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Large Brazil soybean farmer to cut fertilizer use

Bloomberg Unloading soybeans into grain truck
Farm turns to precise applications and soil testing to reduce fertilizer use by a quarter.

By Tatiana Freitas and Simone Iglesias

One of Brazil’s largest farmers is planning to reduce fertilizer use by a quarter next season, relying on more precise applications and soil testing to maintain crop yields. 

SLC Agricola SA, which cultivates an area bigger than Delaware with soybeans, corn and cotton, will probably use between 20% and 25% less fertilizer in 2022-2023 without jeopardizing yields, according to Chief Executive Officer Aurelio Pavinato. The decision on whether and where cut applications will be based on soil testing and precision agriculture, tools already adopted by the firm for several years.

SLC’s plan offers a glimpse of how growers in the agriculture superpower are preparing to deal with a global shortage of crop nutrients in the wake of Russia’s invasion of Ukraine that has caused prices to skyrocket, threatening to reduce production of staple crops exported around the world. The prospect of lower yields has increased concern that crop prices will hit fresh records, adding to pressure on food supply to developing countries.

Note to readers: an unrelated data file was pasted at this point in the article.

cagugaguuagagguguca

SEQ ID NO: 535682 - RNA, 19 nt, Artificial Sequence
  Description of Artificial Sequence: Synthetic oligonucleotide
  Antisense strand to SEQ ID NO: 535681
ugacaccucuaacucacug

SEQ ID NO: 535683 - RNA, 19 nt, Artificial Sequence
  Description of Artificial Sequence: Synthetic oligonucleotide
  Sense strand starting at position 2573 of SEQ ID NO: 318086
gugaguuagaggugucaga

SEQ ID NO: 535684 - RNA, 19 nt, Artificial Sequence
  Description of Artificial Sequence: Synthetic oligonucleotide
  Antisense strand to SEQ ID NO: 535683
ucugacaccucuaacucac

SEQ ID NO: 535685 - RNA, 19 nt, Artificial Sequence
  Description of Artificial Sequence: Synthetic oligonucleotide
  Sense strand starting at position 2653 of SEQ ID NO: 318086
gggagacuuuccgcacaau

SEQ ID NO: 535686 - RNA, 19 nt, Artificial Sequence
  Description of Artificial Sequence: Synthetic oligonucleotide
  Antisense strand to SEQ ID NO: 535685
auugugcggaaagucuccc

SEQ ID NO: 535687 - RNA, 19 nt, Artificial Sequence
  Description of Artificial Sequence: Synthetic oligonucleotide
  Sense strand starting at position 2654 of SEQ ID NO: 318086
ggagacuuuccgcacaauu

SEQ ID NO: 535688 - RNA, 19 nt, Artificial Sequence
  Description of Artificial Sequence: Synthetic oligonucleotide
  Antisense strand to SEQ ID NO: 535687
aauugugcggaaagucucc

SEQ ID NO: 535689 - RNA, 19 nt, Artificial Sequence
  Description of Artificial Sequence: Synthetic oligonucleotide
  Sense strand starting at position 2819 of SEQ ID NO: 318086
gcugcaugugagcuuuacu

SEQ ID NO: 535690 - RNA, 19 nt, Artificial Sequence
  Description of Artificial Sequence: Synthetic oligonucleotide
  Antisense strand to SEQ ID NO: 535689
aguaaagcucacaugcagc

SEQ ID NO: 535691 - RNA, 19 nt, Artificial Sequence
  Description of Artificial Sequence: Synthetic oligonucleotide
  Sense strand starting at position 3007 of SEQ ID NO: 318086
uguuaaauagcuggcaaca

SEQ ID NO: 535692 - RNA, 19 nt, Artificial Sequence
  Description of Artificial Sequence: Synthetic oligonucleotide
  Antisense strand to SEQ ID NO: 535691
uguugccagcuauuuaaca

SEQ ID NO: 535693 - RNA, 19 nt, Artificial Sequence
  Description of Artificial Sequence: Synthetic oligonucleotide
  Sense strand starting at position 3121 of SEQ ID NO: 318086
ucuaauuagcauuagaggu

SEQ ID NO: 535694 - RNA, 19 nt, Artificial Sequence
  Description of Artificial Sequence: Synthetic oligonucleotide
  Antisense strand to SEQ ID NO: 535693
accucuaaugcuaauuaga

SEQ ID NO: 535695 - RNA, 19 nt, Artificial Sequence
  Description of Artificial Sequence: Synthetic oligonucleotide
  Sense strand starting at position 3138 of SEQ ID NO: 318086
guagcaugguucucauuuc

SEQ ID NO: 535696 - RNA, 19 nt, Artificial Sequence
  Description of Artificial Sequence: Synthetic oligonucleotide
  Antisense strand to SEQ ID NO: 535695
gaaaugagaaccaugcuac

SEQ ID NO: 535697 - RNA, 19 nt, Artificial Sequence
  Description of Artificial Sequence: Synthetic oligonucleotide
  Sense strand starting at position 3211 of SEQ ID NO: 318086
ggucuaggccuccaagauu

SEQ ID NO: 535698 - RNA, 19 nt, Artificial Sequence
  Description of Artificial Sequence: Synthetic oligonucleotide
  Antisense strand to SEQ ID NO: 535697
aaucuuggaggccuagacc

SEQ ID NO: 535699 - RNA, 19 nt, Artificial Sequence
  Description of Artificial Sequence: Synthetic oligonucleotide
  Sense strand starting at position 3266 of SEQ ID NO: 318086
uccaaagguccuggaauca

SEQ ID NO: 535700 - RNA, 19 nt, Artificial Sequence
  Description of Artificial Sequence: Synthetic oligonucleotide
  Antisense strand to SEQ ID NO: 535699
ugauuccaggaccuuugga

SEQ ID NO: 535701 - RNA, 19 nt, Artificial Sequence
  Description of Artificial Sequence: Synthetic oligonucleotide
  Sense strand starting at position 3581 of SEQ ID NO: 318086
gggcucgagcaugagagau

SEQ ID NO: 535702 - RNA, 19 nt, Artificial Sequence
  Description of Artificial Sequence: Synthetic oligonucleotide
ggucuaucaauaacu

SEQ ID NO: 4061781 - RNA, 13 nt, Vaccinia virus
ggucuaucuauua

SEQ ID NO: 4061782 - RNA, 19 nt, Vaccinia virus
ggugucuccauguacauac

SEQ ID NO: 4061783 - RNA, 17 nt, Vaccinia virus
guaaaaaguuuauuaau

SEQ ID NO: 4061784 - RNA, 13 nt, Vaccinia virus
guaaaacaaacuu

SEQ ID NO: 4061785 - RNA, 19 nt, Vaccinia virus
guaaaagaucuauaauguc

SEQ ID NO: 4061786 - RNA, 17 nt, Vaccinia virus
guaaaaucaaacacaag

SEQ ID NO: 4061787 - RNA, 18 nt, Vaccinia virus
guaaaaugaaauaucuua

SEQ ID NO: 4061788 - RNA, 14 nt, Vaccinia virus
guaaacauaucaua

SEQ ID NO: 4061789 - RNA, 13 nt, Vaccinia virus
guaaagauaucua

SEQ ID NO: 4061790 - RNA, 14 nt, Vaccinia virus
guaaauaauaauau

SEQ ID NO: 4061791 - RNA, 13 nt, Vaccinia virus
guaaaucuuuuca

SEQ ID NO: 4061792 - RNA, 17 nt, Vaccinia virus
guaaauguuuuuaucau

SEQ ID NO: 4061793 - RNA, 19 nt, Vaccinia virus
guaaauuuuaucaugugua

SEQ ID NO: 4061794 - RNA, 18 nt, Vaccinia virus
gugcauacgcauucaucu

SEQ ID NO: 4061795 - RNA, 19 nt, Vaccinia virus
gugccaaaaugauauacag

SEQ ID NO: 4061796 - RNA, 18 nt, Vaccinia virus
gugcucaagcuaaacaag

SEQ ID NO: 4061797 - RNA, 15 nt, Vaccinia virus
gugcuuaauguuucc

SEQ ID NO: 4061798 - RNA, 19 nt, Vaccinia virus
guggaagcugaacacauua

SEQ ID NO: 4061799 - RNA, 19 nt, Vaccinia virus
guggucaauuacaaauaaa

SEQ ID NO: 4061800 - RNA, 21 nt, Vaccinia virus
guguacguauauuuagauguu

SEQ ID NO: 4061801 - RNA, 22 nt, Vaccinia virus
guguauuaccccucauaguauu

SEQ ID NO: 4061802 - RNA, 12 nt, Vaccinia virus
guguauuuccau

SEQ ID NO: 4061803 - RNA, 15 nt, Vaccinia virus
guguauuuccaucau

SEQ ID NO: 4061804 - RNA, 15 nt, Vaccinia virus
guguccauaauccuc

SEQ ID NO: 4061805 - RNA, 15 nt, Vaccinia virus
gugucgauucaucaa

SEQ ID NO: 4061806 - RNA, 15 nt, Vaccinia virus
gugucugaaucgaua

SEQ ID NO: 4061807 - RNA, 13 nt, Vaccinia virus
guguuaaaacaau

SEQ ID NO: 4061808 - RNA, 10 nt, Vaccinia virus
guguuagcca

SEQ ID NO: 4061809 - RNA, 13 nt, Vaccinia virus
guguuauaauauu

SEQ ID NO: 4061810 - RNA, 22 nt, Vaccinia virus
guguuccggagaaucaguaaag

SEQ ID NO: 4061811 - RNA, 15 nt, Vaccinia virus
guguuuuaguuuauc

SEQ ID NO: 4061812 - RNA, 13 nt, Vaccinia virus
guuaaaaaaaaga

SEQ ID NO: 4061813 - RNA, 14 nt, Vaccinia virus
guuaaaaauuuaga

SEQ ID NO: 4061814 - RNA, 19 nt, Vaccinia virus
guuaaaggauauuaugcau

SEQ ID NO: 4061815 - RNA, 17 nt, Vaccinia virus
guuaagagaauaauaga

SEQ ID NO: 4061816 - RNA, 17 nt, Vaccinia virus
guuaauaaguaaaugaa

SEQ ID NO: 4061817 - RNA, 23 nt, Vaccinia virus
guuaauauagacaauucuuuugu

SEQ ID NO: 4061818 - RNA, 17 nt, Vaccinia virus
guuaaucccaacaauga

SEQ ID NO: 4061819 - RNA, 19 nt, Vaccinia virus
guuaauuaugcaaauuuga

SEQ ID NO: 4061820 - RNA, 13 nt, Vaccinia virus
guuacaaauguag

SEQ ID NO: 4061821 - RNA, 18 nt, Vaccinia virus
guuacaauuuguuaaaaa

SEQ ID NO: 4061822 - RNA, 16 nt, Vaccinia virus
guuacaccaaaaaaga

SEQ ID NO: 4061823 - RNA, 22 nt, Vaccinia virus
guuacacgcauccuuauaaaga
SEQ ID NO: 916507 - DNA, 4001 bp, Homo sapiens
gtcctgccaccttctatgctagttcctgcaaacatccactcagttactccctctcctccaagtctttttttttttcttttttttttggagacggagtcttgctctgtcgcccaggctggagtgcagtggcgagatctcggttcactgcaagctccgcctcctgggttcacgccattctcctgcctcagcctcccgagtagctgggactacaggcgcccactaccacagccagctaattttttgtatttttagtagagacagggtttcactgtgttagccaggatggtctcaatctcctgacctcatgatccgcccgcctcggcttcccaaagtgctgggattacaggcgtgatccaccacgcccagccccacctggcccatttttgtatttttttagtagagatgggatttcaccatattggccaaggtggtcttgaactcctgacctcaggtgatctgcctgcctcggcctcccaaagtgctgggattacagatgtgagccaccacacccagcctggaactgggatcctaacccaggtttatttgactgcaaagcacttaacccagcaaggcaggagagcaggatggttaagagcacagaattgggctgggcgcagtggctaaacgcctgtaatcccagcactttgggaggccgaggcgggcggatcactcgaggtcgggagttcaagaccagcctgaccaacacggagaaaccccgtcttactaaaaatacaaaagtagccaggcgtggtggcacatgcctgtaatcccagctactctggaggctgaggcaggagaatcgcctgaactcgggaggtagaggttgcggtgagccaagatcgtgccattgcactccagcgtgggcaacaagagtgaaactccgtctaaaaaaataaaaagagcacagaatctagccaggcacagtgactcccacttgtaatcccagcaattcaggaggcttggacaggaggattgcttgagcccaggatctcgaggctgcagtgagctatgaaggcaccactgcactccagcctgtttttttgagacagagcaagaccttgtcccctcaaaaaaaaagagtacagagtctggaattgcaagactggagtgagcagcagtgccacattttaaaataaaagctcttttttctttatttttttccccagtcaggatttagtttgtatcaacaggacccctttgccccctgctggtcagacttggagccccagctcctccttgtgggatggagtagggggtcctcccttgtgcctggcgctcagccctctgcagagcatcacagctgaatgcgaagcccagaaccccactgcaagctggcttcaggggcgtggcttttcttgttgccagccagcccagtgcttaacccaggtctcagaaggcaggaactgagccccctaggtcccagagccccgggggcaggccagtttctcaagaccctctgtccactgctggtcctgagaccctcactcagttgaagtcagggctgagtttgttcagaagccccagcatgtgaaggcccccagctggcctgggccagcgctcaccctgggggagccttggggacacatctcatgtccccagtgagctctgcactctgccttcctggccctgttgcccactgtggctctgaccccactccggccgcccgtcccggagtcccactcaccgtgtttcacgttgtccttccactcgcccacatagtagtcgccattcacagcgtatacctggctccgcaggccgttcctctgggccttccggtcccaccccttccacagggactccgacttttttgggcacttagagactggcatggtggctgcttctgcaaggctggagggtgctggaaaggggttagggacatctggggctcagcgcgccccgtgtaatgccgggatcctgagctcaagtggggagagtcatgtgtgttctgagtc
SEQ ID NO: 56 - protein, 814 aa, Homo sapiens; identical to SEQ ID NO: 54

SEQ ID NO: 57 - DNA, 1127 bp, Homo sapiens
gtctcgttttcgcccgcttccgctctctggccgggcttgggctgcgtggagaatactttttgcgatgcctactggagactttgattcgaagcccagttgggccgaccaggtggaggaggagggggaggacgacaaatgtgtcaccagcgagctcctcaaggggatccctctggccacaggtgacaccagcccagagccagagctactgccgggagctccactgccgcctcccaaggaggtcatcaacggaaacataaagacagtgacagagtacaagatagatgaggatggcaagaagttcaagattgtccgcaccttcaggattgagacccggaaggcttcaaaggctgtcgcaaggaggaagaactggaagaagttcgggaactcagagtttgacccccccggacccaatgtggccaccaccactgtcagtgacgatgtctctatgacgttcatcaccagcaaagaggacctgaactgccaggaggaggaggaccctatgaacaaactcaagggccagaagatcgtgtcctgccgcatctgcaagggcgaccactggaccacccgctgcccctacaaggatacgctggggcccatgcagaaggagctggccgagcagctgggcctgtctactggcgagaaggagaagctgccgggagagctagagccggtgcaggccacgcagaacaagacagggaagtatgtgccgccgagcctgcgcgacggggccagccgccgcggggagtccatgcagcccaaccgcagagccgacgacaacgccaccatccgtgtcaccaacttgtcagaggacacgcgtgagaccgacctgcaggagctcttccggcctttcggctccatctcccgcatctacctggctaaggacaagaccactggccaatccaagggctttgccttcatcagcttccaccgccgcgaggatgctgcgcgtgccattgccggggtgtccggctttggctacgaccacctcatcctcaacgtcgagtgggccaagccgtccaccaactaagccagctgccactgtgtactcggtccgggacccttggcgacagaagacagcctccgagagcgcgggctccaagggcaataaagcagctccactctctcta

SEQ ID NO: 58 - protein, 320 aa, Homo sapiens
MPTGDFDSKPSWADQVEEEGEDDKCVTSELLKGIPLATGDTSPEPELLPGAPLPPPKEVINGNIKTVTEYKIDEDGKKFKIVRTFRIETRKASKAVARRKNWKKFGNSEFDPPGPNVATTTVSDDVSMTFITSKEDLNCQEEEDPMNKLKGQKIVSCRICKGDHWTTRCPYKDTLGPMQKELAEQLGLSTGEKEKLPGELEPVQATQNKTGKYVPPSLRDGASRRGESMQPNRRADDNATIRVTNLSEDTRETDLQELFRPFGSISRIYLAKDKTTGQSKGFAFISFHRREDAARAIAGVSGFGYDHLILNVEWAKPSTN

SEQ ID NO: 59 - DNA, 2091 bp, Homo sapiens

Brazil fertilizer suppliers pie chart

“It’s possible to cut fertilizers in a year and have a null impact on production,” Pavinato said in an interview. Fertilizer reserves in the soil from previous seasons will ease the impact of applying less, he said.

The majority of farmers will probably adopt the same strategy, and lower demand will lead the market to balance again, he said. Of the three key nutrients for crops, SLC has secured 83% of the potassium it’s planning to apply next season and half of phosphorus, but hasn’t yet bought nitrogen. 

In the Cerrado, where the main grain belt is located, a lack of nutrients in soil makes farmers more dependent on fertilizer, according to Flavio Bonini, a manager of technical services for Mosaic Co. in Brazil.

Only about 15% of Brazil’s agriculture areas may sustain itself without fertilizers, Bonini said. The estimate is based on figures collected from farms where Mosaic does soil testing for its clients. “About 80% of Brazil’s agriculture areas are still very reliant on fertilizers.” 

On the farms owned by Sementes Falcao, a farming and seed company based in Passo Fundo, Rio Grande do Sul state, one of the areas with the richest soil in Brazil, tests on cutting fertilizer were successful. The company spent five seasons using only nutrient reserves in the soil, according to its President Humberto Falcao. 

“Production may have declined a little, but the profitability was kept,” he said. “Brazil could spent a year with no fertilizers, which could reduce costs and its dependency on imports. But of course it needs soil analysis.”

©2022 Bloomberg L.P.

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